The Blacklist Review: Who's a Monster?

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While The Blacklist may appear to be a TV procedural with the FBI chasing down the bad guys, it's not. Not at all.

The show has proven over the first four episodes to expect the unexpected. Each of the installment has had a different flow, tone and format. There may be a secret twist or agenda at play by Red or maybe there's not. The only thing that's clear is that Red will go to great extremes to make sure that Liz is safe, even if he has to put her in harm's way.

The episode began with a routine case around the trial of a drug lord, Hector Lorca, which was unrelated to Red's Blacklist. In fact, even though Lorca contacted Red for new papers and safe travel to leave the country, Lorca wasn't the "big game" that Red was after. Red tipped Liz off, but it was beneath him to help further. That all changed when it became clear that the witness against Lorca was cleaned by "The Stewmaker."

Tracking the Stewmaker

That opening scene with the Stewmaker was eerie. The music was groovy which perfectly reflected the tone and mood of the Stewmaker's persona and actions. I was mildly seat dancing to the music which freaked me out given what was happening on screen. The camera and editing work showcasing the Stewmaker's precise actions and the music demonstrated what makes The Blacklist such an engrossing and immersive show.

When it became evident that the Stewmaker was involved in the case, Red was all over it. At first it appeared that it was because he was on the Blacklist, but this was personal for Red. Until the end, it wasn't clear how personal. Liz's capture alone justified the extent of his maneuvers, but the truth ended up being even deeper.

When Red went to get Liz and the Stewmaker's location from Lorca, it was amazing how well the truth worked. When Ressler walked in to see the drug lord with Red, I thought he walked in looking like FBI. It was a good call for him to embrace his true identity and pretend to be a turncoat inside man. Also, it provided a legitimate reason to inquire about where Liz was being held.

Red's confidence is flawless. He was hired by Lorca, but he laid out the requirements for the criminal to use the new documents and get safe passage out of the country. Red never flinches and always holds his ground. That's what makes him an effective criminal and also allows him to manipulate the FBI with ease.

While the FBI was pursuing the traditional lead from Lorca to find Liz, Red took an unorthodox approach by tracking the Stanley through his dog's tracking chip. And, Red got there first, but not before Liz was tortured. She is fierce and strong almost beyond belief.

When she was taken she used her training to try to present herself as a person, while humanizing the Stewmaker at the same time. She hoped that she could delay him long enough to get free and/or be saved. She did get free once even after he hurt and drugged her. He didn't give up and captured her again. Did you think it was an FBI dog that found her at first? I did. Her escape wasn't for naught, since the delay allowed Red enough time to get there to save her life.

Red was mesmerizing during his speech to Stanley about the farmer and the possibility of redemption. Though, he never intended to allow the Stewmaker to get out alive. When Red dumped Stanley into the tub, he did it for vengeance and maybe even sliver of justice. It was hilarious to see him immediately put hands behind head when the FBI showed up. It was reflective of the opening scene of the premiere.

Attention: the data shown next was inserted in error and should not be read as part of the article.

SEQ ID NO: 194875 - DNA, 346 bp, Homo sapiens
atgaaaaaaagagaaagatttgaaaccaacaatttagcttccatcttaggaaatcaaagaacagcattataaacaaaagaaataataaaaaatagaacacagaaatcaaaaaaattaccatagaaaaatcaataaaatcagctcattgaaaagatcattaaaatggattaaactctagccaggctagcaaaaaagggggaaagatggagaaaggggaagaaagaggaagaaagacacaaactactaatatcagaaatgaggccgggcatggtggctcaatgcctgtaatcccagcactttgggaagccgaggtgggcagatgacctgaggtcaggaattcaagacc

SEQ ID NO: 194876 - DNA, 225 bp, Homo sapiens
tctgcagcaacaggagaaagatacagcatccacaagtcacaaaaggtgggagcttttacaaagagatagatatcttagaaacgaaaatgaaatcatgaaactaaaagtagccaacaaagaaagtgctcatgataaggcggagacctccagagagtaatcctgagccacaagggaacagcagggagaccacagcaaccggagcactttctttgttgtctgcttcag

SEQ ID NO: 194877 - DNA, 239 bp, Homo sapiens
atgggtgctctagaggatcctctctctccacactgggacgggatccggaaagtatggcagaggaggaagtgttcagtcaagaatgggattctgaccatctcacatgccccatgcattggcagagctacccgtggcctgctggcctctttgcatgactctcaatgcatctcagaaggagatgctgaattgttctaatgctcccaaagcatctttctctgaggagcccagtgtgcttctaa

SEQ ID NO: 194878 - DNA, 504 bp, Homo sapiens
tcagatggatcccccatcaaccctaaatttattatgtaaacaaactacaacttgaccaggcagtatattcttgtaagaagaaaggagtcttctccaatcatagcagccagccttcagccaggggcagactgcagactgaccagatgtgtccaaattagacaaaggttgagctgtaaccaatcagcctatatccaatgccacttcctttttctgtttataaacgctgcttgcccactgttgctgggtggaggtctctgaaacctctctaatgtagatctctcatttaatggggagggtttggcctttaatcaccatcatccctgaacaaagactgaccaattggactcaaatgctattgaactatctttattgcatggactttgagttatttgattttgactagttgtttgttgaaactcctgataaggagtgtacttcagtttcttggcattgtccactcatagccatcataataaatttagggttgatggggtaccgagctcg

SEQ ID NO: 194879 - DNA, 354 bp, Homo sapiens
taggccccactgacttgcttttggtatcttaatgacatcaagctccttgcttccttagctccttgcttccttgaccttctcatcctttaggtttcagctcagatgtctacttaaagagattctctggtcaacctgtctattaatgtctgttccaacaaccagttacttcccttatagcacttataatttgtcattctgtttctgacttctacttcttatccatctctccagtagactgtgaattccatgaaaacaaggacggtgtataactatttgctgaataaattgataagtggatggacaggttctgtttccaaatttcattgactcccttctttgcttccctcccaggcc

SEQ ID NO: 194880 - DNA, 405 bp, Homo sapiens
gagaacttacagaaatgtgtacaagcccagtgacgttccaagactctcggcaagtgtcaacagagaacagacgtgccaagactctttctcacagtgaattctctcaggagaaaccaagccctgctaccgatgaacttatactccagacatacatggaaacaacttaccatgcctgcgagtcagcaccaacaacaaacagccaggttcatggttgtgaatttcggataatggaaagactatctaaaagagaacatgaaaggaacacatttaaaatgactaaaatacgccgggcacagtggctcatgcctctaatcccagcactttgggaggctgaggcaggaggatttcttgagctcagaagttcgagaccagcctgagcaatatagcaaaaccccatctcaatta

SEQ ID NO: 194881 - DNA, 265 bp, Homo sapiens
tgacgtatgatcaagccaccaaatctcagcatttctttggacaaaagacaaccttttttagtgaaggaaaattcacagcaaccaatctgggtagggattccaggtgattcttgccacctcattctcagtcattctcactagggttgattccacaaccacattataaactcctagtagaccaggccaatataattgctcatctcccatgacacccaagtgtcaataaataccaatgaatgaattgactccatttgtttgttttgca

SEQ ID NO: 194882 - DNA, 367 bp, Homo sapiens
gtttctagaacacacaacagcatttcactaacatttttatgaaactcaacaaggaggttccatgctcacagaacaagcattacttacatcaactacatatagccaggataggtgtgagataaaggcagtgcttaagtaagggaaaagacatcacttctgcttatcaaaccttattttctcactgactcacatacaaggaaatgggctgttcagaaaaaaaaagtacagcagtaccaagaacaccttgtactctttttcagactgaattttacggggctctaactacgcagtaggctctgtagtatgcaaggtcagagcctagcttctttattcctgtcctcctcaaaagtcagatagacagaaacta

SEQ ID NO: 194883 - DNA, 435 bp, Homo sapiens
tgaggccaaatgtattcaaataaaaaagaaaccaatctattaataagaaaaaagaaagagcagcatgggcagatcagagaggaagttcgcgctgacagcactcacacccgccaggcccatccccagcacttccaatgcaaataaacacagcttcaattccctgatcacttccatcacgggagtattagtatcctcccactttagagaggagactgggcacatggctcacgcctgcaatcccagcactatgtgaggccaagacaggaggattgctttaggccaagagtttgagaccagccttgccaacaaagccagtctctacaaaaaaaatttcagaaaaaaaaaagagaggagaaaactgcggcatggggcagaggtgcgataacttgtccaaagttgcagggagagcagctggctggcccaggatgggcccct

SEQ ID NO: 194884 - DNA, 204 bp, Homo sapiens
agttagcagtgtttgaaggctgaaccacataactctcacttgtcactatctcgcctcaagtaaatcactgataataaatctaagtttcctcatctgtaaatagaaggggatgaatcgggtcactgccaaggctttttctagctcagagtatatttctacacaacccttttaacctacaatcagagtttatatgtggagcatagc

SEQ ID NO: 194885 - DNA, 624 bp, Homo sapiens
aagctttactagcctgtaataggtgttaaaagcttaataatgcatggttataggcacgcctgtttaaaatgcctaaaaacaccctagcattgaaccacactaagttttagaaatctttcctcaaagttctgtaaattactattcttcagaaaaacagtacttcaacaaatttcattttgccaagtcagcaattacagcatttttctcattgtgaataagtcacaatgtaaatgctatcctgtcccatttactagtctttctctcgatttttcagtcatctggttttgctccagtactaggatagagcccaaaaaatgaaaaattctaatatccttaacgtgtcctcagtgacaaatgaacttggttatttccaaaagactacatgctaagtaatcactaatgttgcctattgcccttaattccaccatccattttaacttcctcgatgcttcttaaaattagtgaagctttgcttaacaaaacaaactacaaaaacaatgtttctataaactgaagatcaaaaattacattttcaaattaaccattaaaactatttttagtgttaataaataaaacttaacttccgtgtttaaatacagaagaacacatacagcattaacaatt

Who is Red? He continues to be a mystery. Each week we get a small glimpse into his past. This week, it was about a young girl that was cleaned by the Stewmaker. Who was she to him? Was she someone that he cared about? Or, someone that got killed due to his line of work? Given the transition from her picture to a look at Liz, it seems likely that her death was personal. And, perhaps part of what he's doing with Liz is to seek redemption for what happened in the past. 

The other large mystery surrounding the gun that Liz found under the floor board was more revealing. She put her investigative skills to work and it's not looking good for Tom. The case involved a murder on June 23, 2012. At first, it appeared that Tom was in the clear since the couple was in Boston at the time. Though, that relief was short-lived when the case name "Angel Station" was revealed to be the name of a hotel nearby.

Was Tom responsible for the killing? Or, is he being set up? Even though the evidence suggests that he's involved since he was there at the same time, I'm more convinced that someone else placed those items in the box. Why would he willingly lead his FBI wife back to the place of the crime if there was any indication that she's on to him? If he wasn't involved, he'd have no reason to suspect an investigation, right?

This was a whirlwind of an episode. Red's intentions and motivation became clearer by what he is and isn't willing to do. At the same time, his ability to move around freely was disconcerting. Haiti? When it comes to Liz and only then do his feelings come across as genuine. He cares about her and will protect her at all costs. As arrogant and self-serving as he is, I wouldn't be surprised if he stepped in front of a bullet for her.

Who do you think the young girl was in the picture? Do you trust Red more or less than before? Is Tom a killer? Or is he being set up?


Editor Rating: 4.7 / 5.0
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Carla Day is a staff writer for TV Fanatic. Follow her on Twitter and on Google+.

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